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Hundreds of Animals Face Death In The Caribbean

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COVID-19's Tragic Impact on Animal Shelters Across the Caribbean

With the impacts of COVID-19 and a prevailing hurricane season, silent victims have arisen across the Caribbean as stateside transportation for animals has halted. Understaffed, underfunded and overcrowded with four times their capacity, Caribbean animal shelters must now make the decision to end the lives of the animals they work so hard to save. 

Since the start of COVID-19, animals have been restricted from all commercial cargo flights, as these flights severely diminished in frequency. The Animal Care Center (ACC) of St. John in the U.S. Virgin Islands is leading the efforts to fundraise $60,000 for lifesaving private cargo rescue flights through Flamenco Cargo, which will save nearly 300 animals from its shelter, along with those from St. Thomas Humane Society and Off The Rocks Rescue in the U.S. Virgin Islands, Vieques Humane Society in Puerto Rico, and PAW BVI in the British Virgin Islands. 

Logistics are already in place to transport the animals to various stateside shelters such as Big Dog Ranch Rescue in Florida and Stray Rescue St. Louis in Missouri. Ryan Moore, shelter manager of The ACC of St. John, explained how stateside partnerships grew after record-breaking Hurricanes Irma and Maria, of which the Islands have still not fully rebounded.

"Now that we work with many wonderful stateside rescues, the cost of transporting these animals falls on the ACC. Just doing one basic transport of a dog on a commercial flight is at least $200; if they fly cargo, that amount is easily tripled for one animal," says Moore.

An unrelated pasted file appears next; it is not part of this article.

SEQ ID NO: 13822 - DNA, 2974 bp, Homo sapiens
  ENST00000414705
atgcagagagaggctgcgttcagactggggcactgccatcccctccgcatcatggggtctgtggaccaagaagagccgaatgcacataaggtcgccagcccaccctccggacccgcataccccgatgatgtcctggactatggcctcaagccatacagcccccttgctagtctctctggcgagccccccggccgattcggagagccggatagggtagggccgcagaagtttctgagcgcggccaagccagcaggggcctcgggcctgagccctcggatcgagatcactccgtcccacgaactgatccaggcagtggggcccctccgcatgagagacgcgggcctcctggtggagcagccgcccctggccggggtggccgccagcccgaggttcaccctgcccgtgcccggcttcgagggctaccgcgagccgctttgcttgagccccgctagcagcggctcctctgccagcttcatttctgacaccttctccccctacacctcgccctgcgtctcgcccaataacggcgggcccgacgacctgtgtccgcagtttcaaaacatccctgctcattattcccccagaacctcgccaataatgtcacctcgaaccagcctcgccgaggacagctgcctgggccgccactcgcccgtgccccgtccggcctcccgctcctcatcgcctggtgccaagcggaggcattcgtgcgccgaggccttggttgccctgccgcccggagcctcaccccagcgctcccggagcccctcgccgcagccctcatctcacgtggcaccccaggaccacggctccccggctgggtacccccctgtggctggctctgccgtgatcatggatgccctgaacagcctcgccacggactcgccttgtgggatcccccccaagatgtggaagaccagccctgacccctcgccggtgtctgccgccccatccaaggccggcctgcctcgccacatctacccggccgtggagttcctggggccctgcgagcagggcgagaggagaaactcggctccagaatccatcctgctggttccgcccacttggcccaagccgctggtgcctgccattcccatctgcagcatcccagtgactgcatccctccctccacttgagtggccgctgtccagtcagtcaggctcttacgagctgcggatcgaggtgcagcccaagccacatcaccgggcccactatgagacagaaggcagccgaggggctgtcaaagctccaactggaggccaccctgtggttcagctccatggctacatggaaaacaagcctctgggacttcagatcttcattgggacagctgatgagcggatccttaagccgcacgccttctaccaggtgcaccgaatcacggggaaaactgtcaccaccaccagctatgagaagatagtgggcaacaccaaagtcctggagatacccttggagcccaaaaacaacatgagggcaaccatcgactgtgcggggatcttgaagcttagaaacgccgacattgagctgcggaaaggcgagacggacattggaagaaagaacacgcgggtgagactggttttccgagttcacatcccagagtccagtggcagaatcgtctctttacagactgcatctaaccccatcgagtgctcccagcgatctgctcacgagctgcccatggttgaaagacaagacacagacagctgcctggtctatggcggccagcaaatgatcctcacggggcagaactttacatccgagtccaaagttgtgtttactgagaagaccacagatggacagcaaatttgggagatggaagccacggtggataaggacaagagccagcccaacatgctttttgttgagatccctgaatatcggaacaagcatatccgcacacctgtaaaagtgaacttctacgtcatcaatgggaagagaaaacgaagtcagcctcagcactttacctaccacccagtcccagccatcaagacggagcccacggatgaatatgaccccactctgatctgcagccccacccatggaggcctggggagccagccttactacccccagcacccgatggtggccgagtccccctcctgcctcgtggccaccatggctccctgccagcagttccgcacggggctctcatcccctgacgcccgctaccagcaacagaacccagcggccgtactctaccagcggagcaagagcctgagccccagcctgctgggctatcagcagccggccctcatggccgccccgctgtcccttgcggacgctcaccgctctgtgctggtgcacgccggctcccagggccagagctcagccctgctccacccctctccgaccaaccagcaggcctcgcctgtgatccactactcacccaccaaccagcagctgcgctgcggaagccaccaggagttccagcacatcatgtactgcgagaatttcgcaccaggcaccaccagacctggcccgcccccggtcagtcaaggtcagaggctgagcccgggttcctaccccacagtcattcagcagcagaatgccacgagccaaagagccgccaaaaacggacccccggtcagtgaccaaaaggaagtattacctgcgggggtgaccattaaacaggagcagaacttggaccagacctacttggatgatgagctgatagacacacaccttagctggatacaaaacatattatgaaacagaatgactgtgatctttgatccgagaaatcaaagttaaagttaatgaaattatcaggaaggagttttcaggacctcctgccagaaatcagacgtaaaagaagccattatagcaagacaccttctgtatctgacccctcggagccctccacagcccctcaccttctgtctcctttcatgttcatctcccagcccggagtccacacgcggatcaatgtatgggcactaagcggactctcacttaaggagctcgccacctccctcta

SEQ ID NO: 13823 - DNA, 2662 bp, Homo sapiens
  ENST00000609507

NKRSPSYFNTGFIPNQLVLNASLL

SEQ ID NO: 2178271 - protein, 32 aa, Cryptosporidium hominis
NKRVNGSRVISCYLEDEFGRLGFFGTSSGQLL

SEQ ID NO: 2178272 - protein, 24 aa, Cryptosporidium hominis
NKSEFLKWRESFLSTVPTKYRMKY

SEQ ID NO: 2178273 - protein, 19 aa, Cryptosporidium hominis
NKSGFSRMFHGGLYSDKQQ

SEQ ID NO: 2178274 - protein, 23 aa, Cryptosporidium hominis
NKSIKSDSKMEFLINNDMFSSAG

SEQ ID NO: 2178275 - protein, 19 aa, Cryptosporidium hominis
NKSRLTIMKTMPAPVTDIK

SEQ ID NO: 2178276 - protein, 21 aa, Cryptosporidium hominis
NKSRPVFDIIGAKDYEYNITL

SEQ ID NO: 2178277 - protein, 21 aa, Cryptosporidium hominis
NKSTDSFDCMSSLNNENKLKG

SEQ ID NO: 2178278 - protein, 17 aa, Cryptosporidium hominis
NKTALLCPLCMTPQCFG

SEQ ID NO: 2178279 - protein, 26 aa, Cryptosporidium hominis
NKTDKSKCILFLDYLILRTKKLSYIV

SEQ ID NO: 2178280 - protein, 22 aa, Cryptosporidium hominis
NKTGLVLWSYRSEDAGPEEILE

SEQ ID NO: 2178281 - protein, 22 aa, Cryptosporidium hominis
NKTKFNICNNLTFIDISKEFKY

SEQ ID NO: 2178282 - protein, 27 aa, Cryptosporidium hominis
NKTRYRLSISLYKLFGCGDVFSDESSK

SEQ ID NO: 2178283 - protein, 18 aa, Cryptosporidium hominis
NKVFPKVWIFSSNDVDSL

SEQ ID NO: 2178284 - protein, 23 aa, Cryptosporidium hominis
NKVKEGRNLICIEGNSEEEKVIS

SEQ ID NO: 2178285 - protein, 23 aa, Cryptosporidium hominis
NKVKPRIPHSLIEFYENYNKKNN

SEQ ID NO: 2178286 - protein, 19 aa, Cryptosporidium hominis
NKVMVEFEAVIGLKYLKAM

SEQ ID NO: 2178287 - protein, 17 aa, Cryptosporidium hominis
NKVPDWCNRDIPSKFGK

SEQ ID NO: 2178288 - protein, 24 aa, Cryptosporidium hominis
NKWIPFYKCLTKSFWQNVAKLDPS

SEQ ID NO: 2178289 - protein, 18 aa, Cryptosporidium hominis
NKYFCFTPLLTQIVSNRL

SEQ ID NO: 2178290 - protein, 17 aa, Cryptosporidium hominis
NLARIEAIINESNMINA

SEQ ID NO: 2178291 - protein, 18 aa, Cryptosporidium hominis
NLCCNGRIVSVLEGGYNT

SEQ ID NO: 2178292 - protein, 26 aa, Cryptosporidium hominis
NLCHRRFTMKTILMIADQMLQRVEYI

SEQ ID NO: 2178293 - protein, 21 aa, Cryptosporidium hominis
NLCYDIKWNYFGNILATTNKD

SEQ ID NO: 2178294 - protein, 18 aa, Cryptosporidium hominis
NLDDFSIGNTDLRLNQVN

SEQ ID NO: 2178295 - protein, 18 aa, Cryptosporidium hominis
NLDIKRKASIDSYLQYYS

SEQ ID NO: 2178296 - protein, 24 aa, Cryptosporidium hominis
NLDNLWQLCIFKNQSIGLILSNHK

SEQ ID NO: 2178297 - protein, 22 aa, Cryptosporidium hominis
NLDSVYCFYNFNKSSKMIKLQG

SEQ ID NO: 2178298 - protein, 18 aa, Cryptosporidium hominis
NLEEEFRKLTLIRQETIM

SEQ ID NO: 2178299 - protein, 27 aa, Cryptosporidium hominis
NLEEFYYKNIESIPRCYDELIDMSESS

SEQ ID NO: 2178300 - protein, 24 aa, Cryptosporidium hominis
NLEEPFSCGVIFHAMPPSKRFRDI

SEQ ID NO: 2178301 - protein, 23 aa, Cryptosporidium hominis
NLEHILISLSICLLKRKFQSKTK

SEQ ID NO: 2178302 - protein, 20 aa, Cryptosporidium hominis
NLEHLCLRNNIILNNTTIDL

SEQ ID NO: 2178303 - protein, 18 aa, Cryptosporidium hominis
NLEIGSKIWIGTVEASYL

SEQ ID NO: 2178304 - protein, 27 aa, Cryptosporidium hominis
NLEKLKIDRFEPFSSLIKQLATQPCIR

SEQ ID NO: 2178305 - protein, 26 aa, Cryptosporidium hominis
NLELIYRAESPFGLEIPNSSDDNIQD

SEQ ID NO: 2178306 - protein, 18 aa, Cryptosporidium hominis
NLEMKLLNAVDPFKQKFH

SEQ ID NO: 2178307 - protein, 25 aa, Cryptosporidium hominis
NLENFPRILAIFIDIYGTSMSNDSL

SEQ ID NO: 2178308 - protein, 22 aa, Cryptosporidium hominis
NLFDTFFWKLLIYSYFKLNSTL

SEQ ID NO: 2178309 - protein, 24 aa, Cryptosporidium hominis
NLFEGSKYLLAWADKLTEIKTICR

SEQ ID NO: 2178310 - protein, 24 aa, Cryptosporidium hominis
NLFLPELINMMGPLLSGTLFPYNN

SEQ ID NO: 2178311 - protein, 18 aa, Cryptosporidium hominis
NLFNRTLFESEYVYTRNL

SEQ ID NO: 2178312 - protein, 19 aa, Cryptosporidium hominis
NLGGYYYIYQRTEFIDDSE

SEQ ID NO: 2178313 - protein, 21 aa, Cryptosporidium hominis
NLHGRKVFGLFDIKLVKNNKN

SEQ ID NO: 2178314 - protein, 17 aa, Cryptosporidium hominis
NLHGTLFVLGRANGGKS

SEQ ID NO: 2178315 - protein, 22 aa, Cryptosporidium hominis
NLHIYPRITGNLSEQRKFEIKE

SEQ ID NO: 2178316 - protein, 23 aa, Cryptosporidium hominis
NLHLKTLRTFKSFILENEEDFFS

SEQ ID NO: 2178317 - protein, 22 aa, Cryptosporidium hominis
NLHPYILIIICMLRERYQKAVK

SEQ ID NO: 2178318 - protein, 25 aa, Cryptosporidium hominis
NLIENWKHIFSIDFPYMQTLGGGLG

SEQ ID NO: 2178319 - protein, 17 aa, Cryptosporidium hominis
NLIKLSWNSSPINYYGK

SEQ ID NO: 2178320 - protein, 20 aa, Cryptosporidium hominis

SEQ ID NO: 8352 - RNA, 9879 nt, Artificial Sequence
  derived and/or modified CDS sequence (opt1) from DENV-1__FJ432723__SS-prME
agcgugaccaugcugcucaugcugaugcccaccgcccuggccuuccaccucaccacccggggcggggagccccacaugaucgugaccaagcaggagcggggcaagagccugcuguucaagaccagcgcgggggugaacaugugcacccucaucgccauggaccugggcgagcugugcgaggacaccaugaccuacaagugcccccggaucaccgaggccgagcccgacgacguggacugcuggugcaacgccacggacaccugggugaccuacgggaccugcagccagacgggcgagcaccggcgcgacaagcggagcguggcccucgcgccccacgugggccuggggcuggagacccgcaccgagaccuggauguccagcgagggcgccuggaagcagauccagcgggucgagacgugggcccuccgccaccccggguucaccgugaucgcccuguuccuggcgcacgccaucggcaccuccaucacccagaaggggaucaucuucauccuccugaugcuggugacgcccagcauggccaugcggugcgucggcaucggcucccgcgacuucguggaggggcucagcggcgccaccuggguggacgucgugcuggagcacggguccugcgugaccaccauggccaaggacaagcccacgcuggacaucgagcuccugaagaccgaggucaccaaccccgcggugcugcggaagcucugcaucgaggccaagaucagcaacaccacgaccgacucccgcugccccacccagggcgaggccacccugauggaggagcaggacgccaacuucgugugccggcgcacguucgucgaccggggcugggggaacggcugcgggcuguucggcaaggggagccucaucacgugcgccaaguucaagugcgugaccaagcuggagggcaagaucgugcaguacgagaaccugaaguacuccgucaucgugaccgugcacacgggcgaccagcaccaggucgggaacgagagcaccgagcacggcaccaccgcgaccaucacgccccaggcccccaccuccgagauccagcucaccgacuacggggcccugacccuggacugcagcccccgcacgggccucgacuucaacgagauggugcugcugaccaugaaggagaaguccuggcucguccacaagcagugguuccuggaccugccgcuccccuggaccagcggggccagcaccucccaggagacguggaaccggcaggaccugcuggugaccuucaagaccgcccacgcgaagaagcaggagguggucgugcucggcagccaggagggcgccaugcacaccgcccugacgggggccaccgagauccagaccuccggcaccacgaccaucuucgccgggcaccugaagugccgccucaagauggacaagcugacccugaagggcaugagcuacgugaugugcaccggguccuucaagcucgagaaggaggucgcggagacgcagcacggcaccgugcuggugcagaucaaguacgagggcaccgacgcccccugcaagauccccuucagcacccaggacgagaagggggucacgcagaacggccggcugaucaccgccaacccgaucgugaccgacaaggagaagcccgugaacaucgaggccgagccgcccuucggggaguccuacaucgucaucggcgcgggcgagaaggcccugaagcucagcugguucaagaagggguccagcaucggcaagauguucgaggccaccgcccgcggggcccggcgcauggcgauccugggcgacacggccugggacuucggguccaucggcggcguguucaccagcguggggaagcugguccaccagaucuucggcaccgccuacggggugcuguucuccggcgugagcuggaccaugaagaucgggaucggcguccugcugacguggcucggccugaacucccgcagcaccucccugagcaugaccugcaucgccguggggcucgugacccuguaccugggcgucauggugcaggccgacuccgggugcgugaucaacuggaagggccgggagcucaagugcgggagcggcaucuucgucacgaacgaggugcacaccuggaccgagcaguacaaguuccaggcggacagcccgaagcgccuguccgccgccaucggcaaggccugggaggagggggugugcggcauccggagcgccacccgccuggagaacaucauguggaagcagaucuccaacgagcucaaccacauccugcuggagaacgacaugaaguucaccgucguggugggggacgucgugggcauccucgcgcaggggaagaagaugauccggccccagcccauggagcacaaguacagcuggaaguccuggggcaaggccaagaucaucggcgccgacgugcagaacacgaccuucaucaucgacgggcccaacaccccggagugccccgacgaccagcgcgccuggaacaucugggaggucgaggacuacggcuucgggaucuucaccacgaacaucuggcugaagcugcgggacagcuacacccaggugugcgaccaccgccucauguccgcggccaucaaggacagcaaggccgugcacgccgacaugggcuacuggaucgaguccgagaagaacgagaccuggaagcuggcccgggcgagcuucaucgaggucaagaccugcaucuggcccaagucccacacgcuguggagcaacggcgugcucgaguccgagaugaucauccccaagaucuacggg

Cargo flights usually save thousands of animals each year, yet Vieques Humane Society has reported that only a single transport has occurred in the last six months. 

“Getting our animals to a stateside animal welfare agency is the second chance they need,” wrote Amanda Kennedy, director of shelter operations at St. Thomas Humane Society, in an urgent plea for help as her shelter is currently housing 356 animals, when it was only designed to house 70 animals.

Commercial transports are also way down, as COVID-19 has devastated tourism, the Island's largest revenue stream. Without the usual arrival of cruise ships and flights of tourists, hundreds of thousands of potential patrons have disappeared. And for those who have visited, the shelters can’t even accommodate them for normal fundraising efforts and shelter tours due to social distancing. 

The dip in tourism has also left thousands of Island residents jobless and financially insecure. As a result, local Islanders are also seeking assistance from the shelters to supply pet food, veterinary services, etc. 

“Imagine being stuck on an island with no way off but a rescue flight that may never come—that's exactly what these animals face,” says Anne Bequette, spokesperson and documentarian for The ACC of St. John. “We’re starting with a goal of $60,000 to get these animals to stateside safety; however, these funds will only cover the flights alone. Even more fundraising will be needed to supply basic necessities such as medicine, shelter staff, space and animal food.” 

Fundraising efforts are being centralized at through this link and monitored by The ACC of St. John.


Carly Long
Malvern, PA
Animal Care Center of St. John, Inc.

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